DOH MIMAROPA screened Marinduque inmates for HIV and TB

Written by Paul Jaysent Fos | Romblon News

Inmates from Sta. Cruz District Jail submits for an HIV rapid test assessment during the 3-day DOH-MIMAROPA Mass Screening for provincial and district jails in Marinduque on October 10-12, 2017Inmates from Sta. Cruz District Jail submits for an HIV rapid test assessment during the 3-day DOH-MIMAROPA Mass Screening for provincial and district jails in Marinduque on October 10-12, 2017

The Department of Health – MIMAROPA (Oriental/Occidental Mindoro, Marinduque, Romblon, Palawan) holds a three-day mass screening for provincial and district inmates of Marinduque last October 10-12, 2017.

Regional Director Eduardo C. Janairo on a statement released to the media said that this is part their effort of eliminating TB and HIV cases. It says also says that it is important that all populations at risk must be screened and mass screenings has been an effective strategy in reducing, and eventually eliminating infectious diseases in jails and prisons.

“It is also important that these confined areas must be disinfected and sanitized to eliminate harmful organisms and ensure that these infectious pathogens will not be transmitted to inmates. Everyone has the right to be healthy even those being confined in prisons,” he added.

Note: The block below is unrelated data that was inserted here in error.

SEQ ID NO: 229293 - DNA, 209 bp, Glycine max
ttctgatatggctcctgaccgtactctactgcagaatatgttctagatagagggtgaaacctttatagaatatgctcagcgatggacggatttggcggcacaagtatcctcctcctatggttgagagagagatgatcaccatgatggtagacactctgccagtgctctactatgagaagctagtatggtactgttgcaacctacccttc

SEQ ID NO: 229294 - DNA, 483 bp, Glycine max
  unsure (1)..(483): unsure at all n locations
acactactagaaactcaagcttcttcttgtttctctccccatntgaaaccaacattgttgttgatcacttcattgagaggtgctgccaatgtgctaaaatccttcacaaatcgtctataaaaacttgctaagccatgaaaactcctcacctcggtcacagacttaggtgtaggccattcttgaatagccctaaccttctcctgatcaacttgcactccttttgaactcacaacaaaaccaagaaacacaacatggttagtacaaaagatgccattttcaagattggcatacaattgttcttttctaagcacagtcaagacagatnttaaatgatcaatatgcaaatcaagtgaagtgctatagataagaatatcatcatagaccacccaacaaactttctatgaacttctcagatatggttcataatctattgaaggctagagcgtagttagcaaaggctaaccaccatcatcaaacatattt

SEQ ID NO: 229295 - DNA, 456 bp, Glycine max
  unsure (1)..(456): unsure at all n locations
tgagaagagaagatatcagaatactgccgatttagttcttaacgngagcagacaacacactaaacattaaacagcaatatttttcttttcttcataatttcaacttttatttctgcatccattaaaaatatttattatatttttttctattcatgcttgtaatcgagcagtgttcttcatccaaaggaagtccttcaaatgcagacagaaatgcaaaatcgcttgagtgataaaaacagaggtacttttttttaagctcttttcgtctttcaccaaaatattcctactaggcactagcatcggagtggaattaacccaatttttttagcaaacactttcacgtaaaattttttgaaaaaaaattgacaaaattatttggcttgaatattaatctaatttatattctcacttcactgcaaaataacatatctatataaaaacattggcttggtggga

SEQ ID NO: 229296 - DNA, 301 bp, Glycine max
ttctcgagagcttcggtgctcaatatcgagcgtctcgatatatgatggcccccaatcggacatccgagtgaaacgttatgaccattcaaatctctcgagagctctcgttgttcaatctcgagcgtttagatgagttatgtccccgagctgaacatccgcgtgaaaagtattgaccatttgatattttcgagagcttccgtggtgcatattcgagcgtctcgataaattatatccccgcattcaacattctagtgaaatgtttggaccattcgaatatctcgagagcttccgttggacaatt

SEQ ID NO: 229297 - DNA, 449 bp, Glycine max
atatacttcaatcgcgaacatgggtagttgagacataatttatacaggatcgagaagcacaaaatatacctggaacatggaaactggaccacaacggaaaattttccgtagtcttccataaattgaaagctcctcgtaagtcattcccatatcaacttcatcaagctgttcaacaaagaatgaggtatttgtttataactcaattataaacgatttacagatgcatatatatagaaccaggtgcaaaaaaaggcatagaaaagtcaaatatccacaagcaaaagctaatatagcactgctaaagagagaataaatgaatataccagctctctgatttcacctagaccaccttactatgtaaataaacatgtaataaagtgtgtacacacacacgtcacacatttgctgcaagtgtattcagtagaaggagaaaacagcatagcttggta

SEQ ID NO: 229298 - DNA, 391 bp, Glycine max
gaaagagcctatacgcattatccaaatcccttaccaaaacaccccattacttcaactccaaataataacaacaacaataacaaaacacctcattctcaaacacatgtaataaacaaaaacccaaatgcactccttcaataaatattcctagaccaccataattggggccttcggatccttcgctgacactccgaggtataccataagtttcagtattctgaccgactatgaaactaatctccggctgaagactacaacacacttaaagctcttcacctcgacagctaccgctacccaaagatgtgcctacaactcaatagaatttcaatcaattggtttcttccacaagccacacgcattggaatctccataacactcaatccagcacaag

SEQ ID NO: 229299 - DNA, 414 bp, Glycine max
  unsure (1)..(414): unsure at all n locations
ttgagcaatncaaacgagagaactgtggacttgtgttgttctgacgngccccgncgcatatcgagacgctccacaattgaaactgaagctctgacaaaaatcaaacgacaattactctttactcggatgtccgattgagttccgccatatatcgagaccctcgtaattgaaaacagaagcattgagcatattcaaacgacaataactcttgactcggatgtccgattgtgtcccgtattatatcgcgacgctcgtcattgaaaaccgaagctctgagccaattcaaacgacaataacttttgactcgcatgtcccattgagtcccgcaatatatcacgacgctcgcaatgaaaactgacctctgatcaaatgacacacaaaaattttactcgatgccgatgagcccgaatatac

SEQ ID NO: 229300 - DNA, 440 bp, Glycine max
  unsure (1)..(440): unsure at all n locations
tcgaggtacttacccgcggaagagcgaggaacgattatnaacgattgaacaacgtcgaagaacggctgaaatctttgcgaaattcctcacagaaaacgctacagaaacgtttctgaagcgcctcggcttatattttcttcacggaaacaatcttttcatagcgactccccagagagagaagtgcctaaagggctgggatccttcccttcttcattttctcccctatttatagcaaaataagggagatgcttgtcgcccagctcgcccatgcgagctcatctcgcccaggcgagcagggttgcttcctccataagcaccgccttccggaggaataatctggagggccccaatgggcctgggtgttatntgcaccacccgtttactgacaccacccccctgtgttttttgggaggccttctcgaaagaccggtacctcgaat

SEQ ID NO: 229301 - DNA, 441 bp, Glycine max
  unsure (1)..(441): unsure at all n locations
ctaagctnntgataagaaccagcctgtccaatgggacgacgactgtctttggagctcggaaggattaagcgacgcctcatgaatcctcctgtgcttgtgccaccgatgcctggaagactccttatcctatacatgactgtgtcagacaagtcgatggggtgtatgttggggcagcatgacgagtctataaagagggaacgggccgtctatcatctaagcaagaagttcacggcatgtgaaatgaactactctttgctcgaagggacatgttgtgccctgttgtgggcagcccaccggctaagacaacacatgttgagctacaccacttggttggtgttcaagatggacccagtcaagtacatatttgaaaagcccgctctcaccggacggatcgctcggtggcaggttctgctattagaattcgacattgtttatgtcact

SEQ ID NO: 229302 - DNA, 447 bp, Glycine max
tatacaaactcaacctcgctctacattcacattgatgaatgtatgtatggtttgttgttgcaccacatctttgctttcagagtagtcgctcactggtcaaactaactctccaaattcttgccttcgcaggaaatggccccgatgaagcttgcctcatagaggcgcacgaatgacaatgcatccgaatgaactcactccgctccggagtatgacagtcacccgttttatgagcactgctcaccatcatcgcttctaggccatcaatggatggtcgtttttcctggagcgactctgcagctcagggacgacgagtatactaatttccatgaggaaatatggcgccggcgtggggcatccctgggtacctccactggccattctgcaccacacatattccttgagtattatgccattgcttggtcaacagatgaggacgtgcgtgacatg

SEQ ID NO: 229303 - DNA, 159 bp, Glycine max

There were 155 inmates screened at the Marinduque Provincial Jail; 14 from the Bureau of Jail Management and Penology (BJMP) Sta. Cruz District; 9 from the BJMP-Boac District; and 8 from BJMP-Gasan District.

Among the services provided were tuberculosis (TB), HIV (human immunodeficiency virus) and mental health screening to be able to assess inmates for possible substance abuse disorder.

Janairo said that the mass screening is needed to reach high risk populations and facilitate the immediate and effective treatment of inmates with TB, HIV and mental health disorders to lessen the growing incidence of these health concerns in penitentiaries.

Disinfection and sanitation of all cell blocks were also done to ensure that all prison cells are properly cleansed. Hygiene kits were also distributed to inmates.

“To effectively control TB and HIV, no one should be left behind. One missed inmate can infect others, their visiting families and even prison staff. That is why early identification and successful management of persons with the disease is still the most effective means of preventing transmission”, Janairo emphasized.

Results of inmates who will be diagnosed as positive will be sent to the Research Institute for Tropical Medicine (RITM) for confirmatory testing. “They will also be given immediate treatment and preventive management”, he concluded.